The U.N. Security Council is giving South Sudan one month to stop fighting and sign a peace deal or face an arms embargo and sanctions.
The council passed a U.S.-sponsored resolution Thursday with the minimum nine votes needed for approval. Six members abstained.
The resolution calls on Secretary-General Antonio Guterres to report back to the council on June 30.
If there is still fighting and no “viable political agreement,” the council will consider an arms embargo and sanctions against six top South Sudanese officials.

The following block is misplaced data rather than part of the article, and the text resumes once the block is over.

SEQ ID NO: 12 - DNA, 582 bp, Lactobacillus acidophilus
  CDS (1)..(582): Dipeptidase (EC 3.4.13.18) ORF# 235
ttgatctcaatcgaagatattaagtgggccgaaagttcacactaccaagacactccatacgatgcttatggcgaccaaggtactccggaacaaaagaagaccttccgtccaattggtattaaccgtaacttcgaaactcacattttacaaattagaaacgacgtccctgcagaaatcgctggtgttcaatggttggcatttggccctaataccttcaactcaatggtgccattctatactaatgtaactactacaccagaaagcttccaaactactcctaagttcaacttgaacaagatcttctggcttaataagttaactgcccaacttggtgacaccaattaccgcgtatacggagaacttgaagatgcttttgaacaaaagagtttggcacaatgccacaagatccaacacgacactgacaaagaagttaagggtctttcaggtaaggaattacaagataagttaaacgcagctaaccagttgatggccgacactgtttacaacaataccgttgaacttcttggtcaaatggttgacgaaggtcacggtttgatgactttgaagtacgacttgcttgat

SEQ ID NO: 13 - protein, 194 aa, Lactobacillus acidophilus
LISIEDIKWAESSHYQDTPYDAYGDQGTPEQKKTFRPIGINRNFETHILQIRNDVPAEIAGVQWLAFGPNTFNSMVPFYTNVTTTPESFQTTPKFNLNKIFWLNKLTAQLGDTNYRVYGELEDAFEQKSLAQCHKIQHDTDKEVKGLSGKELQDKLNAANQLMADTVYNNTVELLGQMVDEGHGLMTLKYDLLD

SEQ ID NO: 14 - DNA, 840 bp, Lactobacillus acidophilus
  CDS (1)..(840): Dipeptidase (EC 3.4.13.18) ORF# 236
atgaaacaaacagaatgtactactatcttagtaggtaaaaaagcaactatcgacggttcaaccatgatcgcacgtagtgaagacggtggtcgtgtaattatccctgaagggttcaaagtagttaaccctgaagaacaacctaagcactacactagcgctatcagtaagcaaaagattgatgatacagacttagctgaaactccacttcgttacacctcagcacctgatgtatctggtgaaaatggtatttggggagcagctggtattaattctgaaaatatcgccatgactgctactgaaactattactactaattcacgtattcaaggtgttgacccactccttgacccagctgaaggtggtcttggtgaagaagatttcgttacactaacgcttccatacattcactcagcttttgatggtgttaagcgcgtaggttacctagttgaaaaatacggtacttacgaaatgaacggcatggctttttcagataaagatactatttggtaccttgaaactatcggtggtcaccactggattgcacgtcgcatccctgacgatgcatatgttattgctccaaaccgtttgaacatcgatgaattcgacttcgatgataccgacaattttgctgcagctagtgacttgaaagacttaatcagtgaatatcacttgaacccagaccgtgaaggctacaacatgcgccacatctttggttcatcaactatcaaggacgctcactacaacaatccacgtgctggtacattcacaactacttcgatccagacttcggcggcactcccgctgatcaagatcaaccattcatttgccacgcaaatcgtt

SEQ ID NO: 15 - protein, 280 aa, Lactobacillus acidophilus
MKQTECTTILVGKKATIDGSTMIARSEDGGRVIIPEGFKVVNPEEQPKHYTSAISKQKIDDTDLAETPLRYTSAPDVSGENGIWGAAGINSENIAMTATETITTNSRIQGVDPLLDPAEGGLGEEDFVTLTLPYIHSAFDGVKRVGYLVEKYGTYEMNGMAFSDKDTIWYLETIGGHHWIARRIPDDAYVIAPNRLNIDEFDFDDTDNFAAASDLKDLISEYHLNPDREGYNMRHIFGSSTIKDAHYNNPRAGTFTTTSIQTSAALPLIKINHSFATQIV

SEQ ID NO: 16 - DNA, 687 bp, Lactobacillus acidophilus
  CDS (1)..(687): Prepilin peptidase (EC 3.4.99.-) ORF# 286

Ethnic fighting has raged in South Sudan since 2013 between forces loyal to President Salva Kiir and those backing his former vice president, Riek Machar.
Tens of thousands have been killed and more than a million civilians have fled their homes.
U.S. Ambassador to the U.N. Nikki Haley has called Kiir an “unfit partner” for peace.
The relief group Doctors Without Borders reported Thursday on what it says is an increase in attacks on civilians in Leer and Mayendit counties over the past month. They include gang rapes, mass murders and villages looted.
The group says people are fleeing for their lives into the brush and swamps without food, clean water, proper shelter or medical care.
Doctors Without Borders says all sides must stop violence against civilians.